If a group of employees votes to be represented by a union, it usually has a significant effect on the workplace and the employer-employee relationship.  For example:

  • The employment relationship ceases to be “at will,” and employees may only be terminated for “just cause.”
  • The employer is prohibited by law from dealing directly with union employees about wages, hours, and working conditions and must deal directly with the union instead.
  • Employees tend to go to their union rather than their employer when they have a problem.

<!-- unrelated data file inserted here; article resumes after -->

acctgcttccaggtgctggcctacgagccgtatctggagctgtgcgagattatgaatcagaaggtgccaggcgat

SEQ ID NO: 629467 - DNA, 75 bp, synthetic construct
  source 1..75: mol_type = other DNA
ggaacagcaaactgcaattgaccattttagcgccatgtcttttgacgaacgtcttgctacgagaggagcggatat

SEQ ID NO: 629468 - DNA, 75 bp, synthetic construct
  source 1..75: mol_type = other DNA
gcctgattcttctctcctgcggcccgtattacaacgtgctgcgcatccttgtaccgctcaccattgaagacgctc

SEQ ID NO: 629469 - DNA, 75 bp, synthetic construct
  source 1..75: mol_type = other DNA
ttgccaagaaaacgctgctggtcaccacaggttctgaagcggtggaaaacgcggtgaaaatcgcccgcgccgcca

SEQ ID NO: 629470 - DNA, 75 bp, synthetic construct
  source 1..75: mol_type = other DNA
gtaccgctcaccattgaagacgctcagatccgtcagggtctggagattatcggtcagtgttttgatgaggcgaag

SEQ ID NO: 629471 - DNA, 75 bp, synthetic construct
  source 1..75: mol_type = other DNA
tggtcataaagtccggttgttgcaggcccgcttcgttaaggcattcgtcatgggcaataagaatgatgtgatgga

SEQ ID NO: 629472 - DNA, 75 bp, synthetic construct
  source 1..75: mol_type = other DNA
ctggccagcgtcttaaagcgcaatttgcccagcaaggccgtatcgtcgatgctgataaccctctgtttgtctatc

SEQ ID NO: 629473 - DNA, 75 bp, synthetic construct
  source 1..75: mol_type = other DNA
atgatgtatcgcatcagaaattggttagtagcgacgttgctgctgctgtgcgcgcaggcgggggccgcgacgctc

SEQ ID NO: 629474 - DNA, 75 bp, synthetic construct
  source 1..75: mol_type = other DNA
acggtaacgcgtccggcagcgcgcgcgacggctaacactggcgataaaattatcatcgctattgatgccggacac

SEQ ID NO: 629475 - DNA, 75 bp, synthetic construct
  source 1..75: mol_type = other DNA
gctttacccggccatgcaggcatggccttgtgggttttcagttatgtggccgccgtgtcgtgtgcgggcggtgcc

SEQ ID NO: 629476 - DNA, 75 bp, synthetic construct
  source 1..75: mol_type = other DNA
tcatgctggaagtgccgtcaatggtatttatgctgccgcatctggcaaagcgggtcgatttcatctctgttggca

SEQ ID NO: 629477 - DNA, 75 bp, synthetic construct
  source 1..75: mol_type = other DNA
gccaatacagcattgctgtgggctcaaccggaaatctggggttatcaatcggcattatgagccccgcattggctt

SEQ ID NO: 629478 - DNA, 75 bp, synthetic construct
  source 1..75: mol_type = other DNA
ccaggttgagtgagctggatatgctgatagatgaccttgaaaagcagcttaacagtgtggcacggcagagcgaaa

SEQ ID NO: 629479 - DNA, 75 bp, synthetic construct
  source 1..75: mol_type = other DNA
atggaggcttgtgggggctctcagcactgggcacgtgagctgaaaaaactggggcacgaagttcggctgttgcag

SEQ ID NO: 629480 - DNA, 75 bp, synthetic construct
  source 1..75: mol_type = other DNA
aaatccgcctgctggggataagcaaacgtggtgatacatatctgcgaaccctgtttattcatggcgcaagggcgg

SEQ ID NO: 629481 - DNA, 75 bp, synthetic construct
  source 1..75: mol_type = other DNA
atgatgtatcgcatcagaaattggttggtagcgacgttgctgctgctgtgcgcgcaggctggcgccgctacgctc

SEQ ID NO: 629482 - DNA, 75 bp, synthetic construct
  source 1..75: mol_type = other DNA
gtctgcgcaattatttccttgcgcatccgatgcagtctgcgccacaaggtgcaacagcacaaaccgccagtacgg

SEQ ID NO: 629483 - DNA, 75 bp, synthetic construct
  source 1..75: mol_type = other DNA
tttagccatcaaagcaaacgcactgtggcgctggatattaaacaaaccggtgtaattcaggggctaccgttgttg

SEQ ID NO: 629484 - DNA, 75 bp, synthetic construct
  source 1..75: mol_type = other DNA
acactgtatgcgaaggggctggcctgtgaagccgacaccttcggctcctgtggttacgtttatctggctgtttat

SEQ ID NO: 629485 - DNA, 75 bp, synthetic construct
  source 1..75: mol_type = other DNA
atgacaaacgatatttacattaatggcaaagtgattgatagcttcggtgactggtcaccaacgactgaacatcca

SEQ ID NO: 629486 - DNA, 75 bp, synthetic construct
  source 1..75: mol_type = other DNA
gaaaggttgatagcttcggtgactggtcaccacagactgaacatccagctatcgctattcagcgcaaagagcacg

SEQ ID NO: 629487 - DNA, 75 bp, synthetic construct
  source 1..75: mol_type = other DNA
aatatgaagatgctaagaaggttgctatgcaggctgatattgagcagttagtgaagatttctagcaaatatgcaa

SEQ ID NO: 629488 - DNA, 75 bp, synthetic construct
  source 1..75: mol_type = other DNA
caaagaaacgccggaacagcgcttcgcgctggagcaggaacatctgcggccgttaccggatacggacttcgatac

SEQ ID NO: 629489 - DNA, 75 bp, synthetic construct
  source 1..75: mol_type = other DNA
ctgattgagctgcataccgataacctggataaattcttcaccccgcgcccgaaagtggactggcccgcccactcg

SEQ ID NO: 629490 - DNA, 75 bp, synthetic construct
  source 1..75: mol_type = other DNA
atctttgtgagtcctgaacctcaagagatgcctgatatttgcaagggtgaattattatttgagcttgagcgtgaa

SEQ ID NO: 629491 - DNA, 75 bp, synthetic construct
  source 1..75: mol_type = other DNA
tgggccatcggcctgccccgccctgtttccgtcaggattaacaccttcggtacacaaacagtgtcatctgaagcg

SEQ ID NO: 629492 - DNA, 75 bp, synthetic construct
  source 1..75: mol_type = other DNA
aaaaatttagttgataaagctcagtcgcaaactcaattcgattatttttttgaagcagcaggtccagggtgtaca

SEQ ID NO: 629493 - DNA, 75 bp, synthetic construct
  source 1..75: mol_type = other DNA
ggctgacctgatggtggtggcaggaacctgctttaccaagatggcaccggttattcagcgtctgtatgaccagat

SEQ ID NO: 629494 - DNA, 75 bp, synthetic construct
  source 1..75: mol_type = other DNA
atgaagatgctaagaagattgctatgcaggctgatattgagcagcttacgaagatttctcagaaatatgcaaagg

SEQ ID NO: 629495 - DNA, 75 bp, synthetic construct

• The relationship between the employer and the employees tends to become more adversarial rather than cooperative or collaborative.
  • The employer is required to expend additional time, money, and resources to deal with the union, particularly in the area of collective bargaining and grievance processing.
  • Supervisory employees are required to become familiar with the collective bargaining agreement and administer it on a consistent basis. Flexibility is reduced and the rules become more rigid regarding employee conduct.